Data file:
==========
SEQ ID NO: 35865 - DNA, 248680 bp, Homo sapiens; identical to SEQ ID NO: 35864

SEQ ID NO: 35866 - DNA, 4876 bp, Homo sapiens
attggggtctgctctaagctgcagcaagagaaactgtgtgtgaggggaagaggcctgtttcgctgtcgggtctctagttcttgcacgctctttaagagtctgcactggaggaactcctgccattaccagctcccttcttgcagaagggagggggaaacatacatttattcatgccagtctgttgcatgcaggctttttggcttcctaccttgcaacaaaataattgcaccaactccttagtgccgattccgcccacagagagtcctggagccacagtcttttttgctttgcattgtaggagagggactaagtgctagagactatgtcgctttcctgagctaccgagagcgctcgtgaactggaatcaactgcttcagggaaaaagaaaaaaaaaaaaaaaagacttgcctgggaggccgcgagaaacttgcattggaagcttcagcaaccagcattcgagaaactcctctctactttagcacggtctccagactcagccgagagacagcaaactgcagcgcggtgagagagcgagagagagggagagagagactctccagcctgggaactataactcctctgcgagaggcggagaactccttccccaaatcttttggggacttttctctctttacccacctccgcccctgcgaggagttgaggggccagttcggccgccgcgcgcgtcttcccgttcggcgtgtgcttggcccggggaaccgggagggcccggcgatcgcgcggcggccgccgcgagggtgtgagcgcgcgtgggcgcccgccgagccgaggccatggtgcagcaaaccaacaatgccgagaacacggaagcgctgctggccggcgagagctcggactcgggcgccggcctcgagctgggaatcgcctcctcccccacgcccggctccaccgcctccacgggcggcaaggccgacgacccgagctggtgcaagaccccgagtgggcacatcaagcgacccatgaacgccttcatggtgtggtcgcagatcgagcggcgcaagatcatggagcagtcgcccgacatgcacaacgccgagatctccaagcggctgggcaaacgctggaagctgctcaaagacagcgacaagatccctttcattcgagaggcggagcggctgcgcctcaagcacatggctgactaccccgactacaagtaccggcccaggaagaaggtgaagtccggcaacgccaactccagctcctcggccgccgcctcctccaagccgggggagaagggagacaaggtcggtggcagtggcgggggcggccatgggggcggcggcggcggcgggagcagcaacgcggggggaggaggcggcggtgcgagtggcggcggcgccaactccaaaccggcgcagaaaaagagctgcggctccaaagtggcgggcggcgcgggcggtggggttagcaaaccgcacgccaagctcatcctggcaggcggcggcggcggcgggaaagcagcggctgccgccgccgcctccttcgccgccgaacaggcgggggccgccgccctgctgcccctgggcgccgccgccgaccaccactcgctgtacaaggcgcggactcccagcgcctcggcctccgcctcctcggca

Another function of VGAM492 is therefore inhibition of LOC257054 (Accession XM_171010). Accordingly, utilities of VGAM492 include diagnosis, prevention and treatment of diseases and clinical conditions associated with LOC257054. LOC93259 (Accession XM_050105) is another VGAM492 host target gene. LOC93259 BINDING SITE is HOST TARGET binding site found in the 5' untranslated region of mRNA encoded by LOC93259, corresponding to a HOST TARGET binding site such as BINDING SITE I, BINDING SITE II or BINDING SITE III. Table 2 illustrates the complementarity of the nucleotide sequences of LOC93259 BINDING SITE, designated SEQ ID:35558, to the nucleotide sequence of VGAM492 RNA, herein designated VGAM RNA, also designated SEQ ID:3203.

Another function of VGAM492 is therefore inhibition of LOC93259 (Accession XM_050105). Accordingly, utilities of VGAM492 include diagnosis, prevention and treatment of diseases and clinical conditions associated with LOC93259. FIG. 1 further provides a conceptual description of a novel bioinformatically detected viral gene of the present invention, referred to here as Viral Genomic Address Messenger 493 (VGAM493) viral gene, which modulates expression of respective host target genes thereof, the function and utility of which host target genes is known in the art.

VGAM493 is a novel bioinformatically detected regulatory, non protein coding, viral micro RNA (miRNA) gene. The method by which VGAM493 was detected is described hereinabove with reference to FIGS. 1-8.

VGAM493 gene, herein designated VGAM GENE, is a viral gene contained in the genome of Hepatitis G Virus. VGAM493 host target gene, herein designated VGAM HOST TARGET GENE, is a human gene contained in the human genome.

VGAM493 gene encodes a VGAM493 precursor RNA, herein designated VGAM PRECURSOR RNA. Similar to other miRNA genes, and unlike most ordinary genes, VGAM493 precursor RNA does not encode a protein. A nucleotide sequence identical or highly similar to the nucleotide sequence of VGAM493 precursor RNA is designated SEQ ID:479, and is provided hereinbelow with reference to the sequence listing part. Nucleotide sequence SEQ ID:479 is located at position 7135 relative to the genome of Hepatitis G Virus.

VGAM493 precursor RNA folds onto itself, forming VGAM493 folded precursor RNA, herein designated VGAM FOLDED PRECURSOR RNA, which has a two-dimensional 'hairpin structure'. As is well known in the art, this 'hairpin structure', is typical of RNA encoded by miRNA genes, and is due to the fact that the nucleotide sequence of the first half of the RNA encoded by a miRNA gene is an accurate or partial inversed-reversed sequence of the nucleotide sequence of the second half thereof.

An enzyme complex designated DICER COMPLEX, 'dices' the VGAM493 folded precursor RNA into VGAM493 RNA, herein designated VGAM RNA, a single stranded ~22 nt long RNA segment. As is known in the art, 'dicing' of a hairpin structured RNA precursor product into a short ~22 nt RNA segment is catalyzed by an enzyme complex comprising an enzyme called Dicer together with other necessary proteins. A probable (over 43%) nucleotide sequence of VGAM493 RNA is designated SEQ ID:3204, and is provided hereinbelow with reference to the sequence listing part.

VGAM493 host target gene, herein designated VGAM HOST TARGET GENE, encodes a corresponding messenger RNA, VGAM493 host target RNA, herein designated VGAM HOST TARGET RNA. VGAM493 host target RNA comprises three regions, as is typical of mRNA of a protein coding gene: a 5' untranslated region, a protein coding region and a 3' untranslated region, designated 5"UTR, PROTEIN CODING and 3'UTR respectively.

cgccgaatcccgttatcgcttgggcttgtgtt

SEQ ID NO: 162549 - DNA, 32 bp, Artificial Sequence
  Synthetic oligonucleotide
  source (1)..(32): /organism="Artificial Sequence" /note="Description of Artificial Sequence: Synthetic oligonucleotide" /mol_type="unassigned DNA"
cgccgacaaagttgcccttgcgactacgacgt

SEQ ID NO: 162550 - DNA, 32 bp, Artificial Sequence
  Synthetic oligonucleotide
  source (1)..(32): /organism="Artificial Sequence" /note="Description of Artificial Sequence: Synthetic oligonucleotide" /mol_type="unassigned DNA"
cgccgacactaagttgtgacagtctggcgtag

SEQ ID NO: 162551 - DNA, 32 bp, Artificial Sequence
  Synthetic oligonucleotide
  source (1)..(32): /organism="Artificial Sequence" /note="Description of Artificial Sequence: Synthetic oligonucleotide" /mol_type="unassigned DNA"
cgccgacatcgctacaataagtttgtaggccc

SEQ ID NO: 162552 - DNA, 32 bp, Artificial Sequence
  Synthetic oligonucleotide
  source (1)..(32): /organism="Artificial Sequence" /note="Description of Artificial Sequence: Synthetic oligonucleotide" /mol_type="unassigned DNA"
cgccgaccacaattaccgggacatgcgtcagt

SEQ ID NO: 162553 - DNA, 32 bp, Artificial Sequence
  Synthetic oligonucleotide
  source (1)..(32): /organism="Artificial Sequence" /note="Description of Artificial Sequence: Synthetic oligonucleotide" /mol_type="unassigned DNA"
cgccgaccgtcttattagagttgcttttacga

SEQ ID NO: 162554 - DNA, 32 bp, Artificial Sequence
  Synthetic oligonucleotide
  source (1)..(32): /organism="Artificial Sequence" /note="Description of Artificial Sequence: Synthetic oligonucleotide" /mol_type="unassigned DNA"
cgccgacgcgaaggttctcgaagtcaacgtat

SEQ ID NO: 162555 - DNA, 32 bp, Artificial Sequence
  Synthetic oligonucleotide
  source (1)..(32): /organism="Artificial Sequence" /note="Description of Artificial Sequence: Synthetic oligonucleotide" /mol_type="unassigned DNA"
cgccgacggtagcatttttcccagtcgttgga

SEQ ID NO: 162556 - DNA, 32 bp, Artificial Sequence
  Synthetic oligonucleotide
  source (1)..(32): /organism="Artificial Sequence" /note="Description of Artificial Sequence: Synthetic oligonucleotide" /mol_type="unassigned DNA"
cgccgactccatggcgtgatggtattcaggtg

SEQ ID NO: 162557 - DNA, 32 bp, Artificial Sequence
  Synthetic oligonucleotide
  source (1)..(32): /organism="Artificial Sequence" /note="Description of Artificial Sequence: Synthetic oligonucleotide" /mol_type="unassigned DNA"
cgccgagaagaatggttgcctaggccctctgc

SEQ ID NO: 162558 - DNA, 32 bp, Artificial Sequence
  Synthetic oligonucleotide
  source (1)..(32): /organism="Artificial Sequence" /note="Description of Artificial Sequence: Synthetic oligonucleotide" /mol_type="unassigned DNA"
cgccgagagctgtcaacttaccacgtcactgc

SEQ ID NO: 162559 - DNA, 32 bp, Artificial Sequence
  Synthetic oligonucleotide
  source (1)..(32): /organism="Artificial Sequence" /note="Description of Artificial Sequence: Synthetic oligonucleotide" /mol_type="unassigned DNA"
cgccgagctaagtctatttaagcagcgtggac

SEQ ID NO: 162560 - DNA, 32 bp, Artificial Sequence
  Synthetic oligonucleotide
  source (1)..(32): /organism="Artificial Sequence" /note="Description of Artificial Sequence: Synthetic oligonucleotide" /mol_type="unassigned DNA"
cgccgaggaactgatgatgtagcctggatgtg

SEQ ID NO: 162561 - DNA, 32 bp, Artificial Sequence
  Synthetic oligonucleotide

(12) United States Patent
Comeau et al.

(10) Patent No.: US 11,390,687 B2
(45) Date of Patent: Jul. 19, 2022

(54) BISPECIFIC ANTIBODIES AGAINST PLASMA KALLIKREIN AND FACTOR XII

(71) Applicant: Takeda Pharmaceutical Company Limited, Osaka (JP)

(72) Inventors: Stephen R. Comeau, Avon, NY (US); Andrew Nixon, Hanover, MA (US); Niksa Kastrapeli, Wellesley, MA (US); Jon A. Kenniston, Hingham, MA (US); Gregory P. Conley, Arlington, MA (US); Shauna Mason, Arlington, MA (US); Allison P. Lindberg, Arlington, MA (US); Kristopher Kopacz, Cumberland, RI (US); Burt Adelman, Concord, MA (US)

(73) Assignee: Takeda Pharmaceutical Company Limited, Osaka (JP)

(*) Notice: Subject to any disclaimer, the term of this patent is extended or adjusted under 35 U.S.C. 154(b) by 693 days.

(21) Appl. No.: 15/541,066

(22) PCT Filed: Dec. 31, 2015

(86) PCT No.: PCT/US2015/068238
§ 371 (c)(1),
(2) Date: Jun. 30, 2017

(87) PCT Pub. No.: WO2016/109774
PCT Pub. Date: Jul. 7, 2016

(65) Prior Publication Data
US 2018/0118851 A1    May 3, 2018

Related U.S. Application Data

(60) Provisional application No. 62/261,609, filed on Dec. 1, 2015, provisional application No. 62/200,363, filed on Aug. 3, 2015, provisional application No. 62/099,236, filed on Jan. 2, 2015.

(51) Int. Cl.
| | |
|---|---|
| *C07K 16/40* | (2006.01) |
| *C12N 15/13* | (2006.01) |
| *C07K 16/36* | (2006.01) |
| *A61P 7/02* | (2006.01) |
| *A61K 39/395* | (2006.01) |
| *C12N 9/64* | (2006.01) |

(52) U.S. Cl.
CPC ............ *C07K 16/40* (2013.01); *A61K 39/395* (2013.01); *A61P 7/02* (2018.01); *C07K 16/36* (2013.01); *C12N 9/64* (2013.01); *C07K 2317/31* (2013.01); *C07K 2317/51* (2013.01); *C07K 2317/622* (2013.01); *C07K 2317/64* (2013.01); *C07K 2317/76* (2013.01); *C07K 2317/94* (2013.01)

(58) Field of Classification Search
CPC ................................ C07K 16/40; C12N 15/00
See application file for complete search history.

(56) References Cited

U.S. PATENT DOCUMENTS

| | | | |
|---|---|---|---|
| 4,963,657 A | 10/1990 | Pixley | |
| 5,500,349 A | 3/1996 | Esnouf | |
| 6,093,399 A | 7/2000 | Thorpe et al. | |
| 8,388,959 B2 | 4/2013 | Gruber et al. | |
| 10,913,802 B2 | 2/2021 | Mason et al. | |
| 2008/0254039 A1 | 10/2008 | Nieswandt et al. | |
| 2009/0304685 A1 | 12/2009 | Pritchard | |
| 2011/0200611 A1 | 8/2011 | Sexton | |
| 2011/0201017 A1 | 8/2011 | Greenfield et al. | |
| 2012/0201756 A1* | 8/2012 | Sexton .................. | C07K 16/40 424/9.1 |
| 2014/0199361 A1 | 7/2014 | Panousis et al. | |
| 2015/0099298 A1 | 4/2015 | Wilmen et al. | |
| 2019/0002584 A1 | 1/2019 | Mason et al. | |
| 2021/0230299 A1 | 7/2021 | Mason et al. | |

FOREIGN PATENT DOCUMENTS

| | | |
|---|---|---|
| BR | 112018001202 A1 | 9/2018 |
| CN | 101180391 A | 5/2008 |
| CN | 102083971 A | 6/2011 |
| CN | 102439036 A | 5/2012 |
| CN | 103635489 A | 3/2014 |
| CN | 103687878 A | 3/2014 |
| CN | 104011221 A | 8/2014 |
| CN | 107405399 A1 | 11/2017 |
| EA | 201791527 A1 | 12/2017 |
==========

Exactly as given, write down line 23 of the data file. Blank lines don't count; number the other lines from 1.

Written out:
  source (1)..(32): /organism="Artificial Sequence" /note="Description of Artificial Sequence: Synthetic oligonucleotide" /mol_type="unassigned DNA"